Primitives to Mnemonics

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Upgraded for J6 and Support for idioms improved

Support for displaying idioms etc. in unicode.

New users of J might find the number of primitives a little overwhelming given how cryptic they may be. J provides an excellent tool to explain a primitive. Simply put the cursor on the primitive and press Ctrl-F1 to go directly to the primitive definition in the dictionary.

This script provides a way for users to convert a statement to one with primitives replaced with mnemonic equivalents. Many times seeing the mnemonic equivalents of the primitives is enough to remind one as to what the primitives do.

This tool accepts a statement and returns the statement with primitives replaced with their mnemonic equivalents. It attempts to give the monadic or dyadic mnemonic as appropriate for the use of the primitive in the statement.

Once the mnemonics script is loaded, run the script by entering in the ijx window. For example:

   mn '+/&.>(i.2 3);i.5'
Plus Insert Under Open ( Integers 2 3 ) Link Integers 5

The statement is displayed with the primitives replaced with mnemonic names.

This result is executable as the mnemonics for the primitives are defined in the ~+"z"+~ locale.

   Plus Insert Under Open ( Integers 2 3 ) Link Integers 5
|3 5 7|10|

Options for left argument of mn - one to three numbers:

  • First number
      • 1 - Assume tacit expressions are monadic (default).
      • 2 - Assume tacit expressions are dyadic.
  • Second number
      • 0 - Replace named tokens and constants with dummies and execute the statement in dummy mode (default).
      • 1 - Only replace defined primitives and execute the statement fully.
      • 2 - Just convert primitives found in symbols to ambivalent names and return that result.
  • Third number
      • 0 - Do not expand idioms (default).
      • 1 - Expand idioms.

There are two other ways to convert primitives. Entering ~+"mn ''"+~ opens a form for easy entry of primitive expressions. This gives


Controls on the form change the defaults for the left argument of mn.

The third way is to select a line or part of a line in an ijs or ijx window and press F4. The result is displayed in the ijx window.

The mnemonics for primitives are defined in the script ~+'~system\packages\misc\primitiv.ijs'+~ which is included in the J install.

Notice the ~+"idioms"+~ option. There is support for idioms like ~+"&.>"+~ means "Each". But the J supplied "primitiv.ijs" has none defined. You may add idioms to the primitives definitions yourself. Simply add a noun "IDIOMS" to the script with the desired idioms. See the sample script "primitiv.ijs" below. Assuming that you have added some idioms, pressing F4 on the same expression gives something like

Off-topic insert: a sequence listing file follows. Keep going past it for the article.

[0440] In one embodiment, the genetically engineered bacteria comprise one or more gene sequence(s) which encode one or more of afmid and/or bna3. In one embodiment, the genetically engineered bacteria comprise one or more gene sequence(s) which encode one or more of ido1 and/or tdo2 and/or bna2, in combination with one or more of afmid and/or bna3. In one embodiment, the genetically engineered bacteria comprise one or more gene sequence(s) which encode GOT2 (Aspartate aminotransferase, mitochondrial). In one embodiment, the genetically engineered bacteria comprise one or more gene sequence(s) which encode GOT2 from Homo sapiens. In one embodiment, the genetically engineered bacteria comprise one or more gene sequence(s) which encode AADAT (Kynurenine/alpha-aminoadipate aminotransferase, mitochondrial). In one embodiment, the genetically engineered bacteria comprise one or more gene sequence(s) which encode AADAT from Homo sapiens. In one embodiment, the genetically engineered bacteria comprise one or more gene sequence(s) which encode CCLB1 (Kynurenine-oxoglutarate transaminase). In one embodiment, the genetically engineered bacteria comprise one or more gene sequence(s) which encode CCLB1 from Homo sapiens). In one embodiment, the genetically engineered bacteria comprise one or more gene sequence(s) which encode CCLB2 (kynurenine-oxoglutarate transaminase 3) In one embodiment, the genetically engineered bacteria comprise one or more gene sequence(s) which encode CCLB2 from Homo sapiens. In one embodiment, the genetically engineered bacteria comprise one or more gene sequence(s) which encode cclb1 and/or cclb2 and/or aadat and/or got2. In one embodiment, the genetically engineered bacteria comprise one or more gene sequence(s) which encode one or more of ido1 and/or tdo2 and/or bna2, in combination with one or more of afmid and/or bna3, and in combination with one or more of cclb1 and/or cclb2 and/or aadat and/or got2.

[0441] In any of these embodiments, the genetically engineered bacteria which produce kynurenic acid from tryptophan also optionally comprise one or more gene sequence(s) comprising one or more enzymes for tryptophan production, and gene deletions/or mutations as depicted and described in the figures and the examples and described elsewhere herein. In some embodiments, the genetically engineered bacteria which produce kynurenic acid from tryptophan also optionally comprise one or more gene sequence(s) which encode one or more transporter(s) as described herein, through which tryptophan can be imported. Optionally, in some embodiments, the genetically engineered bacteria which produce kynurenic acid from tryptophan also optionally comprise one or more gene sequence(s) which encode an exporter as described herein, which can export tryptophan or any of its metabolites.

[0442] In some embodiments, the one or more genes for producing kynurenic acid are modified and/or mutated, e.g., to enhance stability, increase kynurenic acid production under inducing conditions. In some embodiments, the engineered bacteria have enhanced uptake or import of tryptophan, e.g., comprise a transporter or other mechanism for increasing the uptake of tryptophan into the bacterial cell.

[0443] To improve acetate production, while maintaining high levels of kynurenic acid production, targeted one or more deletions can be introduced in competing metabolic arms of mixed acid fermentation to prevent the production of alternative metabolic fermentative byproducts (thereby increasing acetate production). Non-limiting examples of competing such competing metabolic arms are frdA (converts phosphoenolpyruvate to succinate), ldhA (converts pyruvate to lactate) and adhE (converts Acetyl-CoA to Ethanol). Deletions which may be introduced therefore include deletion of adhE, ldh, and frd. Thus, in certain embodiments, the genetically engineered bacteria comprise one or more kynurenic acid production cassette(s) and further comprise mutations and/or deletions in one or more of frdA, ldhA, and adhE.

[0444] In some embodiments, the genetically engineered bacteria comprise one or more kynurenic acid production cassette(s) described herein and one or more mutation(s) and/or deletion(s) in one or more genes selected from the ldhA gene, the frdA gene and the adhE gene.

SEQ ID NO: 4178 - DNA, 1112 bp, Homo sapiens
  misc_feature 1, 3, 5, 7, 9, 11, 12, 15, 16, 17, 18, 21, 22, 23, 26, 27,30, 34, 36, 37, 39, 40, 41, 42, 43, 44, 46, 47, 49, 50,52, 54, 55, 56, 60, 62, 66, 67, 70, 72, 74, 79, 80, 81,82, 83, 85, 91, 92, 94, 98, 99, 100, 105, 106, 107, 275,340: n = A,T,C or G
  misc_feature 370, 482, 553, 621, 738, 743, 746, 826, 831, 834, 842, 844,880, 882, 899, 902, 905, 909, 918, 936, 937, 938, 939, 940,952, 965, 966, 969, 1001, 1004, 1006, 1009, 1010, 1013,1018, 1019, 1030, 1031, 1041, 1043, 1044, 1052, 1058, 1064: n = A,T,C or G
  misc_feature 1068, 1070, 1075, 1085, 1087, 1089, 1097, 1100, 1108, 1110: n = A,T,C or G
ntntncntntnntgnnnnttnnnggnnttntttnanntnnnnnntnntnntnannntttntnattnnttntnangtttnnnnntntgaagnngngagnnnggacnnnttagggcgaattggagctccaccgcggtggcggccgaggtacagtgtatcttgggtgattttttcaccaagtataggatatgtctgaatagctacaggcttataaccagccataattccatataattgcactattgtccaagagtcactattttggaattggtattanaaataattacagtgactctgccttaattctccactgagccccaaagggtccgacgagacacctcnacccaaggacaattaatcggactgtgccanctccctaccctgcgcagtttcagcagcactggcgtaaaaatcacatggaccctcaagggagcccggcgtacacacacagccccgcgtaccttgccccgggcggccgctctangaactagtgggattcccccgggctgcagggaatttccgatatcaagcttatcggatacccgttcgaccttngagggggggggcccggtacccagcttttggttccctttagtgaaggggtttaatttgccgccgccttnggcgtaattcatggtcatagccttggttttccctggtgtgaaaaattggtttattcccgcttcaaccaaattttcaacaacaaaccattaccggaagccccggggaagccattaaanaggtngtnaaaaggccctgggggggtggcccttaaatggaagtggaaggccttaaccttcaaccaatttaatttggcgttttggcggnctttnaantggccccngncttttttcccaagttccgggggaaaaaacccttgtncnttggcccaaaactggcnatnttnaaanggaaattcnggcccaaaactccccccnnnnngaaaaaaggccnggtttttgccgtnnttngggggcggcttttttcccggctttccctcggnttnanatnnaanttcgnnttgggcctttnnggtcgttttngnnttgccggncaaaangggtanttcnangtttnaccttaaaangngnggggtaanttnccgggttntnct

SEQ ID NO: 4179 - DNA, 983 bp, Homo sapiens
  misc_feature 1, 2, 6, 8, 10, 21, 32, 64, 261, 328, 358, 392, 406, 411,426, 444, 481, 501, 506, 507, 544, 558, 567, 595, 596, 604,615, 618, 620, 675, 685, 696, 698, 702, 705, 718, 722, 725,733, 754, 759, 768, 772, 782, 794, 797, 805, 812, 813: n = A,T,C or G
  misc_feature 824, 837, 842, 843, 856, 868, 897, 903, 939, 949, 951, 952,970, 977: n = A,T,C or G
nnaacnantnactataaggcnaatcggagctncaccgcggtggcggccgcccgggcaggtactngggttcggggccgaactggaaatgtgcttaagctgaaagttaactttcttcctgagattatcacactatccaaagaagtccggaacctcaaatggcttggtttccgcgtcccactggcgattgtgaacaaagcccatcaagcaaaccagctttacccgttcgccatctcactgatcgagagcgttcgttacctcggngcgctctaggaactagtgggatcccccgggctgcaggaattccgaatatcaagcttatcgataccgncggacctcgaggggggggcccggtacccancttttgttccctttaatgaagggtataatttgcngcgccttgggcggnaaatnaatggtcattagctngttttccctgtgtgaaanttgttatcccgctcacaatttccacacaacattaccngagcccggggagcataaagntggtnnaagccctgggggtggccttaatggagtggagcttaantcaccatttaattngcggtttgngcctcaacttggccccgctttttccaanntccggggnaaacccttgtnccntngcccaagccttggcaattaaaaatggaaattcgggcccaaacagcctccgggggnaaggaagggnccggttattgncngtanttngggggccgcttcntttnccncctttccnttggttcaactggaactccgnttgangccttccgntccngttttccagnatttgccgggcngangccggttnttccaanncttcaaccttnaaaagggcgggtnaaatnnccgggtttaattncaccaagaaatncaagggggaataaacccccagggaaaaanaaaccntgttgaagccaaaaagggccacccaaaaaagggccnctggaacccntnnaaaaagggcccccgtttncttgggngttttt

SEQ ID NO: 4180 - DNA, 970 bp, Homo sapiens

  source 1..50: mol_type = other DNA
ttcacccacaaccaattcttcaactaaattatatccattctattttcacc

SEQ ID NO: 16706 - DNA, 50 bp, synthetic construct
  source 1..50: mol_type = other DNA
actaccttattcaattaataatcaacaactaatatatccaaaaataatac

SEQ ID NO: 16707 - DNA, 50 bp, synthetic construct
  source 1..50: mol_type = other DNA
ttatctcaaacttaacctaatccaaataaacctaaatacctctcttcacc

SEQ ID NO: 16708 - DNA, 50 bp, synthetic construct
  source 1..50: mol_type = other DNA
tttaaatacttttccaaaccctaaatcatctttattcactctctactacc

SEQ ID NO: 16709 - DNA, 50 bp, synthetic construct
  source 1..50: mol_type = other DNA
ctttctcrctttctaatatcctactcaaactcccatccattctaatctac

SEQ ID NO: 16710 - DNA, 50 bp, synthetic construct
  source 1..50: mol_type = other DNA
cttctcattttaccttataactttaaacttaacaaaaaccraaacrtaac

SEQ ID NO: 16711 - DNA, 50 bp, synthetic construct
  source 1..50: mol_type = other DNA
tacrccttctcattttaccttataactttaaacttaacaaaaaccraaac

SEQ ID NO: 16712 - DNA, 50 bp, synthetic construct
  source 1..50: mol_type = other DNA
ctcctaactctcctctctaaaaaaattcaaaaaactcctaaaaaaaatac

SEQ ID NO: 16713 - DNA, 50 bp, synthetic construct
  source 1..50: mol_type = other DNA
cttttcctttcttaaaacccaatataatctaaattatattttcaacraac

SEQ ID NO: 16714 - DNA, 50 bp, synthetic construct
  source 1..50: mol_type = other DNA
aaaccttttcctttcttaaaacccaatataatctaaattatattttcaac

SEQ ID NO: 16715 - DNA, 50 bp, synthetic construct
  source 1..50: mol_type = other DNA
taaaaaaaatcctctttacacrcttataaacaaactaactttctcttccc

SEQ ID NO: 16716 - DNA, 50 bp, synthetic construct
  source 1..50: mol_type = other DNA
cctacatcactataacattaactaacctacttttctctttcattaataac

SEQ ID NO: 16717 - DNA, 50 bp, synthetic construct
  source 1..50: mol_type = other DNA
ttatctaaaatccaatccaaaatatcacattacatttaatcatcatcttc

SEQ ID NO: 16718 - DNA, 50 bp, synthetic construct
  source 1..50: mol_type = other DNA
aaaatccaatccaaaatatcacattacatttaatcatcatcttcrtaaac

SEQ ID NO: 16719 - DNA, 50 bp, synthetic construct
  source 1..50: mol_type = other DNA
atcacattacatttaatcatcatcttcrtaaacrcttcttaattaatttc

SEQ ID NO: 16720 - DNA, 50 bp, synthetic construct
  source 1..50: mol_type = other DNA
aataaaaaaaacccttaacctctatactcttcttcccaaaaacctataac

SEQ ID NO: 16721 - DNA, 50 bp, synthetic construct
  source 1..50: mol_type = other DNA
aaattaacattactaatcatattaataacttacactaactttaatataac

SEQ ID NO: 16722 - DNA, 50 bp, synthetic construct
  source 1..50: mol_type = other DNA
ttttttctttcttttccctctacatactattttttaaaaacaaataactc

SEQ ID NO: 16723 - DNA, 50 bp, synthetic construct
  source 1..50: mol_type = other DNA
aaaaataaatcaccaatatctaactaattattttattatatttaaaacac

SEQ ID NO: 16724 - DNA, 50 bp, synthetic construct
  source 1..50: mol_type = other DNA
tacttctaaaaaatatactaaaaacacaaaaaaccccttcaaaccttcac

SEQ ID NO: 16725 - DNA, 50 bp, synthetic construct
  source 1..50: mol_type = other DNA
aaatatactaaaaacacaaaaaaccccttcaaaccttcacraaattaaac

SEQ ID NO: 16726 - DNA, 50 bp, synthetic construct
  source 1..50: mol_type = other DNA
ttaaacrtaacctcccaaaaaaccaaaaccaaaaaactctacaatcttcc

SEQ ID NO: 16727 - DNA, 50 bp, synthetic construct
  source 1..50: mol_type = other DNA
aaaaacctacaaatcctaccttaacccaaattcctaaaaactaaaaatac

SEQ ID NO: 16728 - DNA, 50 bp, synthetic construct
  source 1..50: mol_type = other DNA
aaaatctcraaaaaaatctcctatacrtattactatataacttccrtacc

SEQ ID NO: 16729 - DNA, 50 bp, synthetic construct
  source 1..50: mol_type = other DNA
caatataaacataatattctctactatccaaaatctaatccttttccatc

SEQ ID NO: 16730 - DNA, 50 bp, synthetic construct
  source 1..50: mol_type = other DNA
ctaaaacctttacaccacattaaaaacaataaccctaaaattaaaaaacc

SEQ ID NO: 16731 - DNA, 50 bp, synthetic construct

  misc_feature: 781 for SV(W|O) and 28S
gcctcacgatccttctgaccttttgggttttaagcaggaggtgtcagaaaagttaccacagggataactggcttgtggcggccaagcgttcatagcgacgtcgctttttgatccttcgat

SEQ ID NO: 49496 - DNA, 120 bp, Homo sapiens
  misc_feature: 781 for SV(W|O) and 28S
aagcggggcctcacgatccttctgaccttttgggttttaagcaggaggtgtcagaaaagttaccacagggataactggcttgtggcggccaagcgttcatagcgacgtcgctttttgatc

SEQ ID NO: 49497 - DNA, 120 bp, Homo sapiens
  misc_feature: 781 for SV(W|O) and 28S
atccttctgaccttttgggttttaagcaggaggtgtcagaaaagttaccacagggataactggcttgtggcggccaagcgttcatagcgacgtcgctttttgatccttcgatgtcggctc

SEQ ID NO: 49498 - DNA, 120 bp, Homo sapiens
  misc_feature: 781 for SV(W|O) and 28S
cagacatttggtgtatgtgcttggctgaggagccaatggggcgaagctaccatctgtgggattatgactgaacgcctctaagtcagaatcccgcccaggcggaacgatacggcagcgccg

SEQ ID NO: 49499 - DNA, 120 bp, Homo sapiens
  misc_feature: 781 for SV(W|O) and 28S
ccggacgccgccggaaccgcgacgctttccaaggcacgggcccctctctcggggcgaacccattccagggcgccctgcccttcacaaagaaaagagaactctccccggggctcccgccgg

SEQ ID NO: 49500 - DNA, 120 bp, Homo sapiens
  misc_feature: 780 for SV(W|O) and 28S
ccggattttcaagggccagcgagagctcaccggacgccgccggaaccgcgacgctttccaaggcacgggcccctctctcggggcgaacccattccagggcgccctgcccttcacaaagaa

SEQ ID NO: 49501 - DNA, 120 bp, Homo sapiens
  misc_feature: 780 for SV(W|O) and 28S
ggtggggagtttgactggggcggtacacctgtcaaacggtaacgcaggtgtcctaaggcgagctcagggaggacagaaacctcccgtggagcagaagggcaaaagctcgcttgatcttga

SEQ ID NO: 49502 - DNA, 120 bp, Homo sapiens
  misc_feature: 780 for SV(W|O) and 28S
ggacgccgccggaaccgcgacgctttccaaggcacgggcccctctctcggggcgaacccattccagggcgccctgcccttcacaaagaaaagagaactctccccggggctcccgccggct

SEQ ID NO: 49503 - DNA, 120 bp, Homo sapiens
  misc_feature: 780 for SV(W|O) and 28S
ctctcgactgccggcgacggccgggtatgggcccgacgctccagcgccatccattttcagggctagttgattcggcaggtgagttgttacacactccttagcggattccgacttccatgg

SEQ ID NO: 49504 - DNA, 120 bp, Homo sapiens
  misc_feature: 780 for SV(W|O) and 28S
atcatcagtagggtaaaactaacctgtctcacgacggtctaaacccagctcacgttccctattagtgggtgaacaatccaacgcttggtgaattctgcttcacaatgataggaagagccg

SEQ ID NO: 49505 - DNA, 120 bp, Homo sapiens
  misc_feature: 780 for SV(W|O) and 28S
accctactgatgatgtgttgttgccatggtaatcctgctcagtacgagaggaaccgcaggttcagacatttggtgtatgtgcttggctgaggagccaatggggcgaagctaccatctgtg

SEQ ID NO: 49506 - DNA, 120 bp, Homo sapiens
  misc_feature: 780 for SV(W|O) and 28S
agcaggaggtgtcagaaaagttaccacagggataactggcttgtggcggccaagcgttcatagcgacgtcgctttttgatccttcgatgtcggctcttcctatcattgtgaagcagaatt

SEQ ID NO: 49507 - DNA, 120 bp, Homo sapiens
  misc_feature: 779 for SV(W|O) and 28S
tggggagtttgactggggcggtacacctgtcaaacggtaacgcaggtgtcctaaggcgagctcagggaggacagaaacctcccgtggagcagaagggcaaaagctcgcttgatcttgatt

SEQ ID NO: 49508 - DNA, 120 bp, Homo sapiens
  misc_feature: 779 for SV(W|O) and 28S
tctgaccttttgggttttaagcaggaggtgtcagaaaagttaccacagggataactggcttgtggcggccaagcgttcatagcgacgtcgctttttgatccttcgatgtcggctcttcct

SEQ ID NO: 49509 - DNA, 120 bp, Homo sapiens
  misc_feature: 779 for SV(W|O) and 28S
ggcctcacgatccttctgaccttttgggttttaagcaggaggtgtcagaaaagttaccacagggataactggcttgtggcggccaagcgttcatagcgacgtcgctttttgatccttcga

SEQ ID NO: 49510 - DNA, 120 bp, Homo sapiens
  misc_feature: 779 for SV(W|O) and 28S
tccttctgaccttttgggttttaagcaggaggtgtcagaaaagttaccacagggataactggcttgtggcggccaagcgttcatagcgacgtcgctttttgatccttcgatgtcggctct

+/&.>(i.2 3);i.5
Sum Each ( Integers 2 3 ) Link Integers 5

In the example primitiv.ijs which can be downloaded below. It will convert an expression like "+/" to the mnemonic "Sum".

The mnemonics defined at this time are not comprehensive. They are only for testing.


There has been much discussion lately about displaying J expressions using special symbols similar to the way APL looks. This script has been extended to replace the mnemonics with unicode strings you can assign. Those scripts are available below. This documentation will be improved for this; however, just making them available for discussion.


Download mn script: File:Mncode.ijs

Optional primitiv.ijs with sample idioms: File:Primitiv.ijs

If you put the primitiv.ijs in the same folder that mncode.ijs is placed it will be automatically loaded instead of loading the J supplied script.

Unicode Support

Download mn unicode script: File:Mncodeu.ijs

primitiv.ijs script with unicode: File:Primitivu.ijs

Rename the primitivu.ijs to primitiv.ijs after you download it.

These unicode scripts will replace the scripts non-unicode versions as soon as I can figure out how to do it.

How this is done

Primitives are converted to mnemonics by replacing the primitives with temporary names which execute the same as the primitive but also report if they are used monadically or dyadically.

Using the shorter statement

   mn '++/1j2 3j4'
Conjugate Plus Insert 1j2 3j4

Convert the statement into tokens.

   ;:'++/1j2 3j4'
|+|+|/|1j2 3j4|

Replace the primitives with the mnemonic names. All the possible names are included.

|+----+---------+----+|+----+---------+----+|+-----+------+-----+|1j2 3j4|
||Plus|Conjugate|Plus|||Plus|Conjugate|Plus|||Table|Insert|Table||       |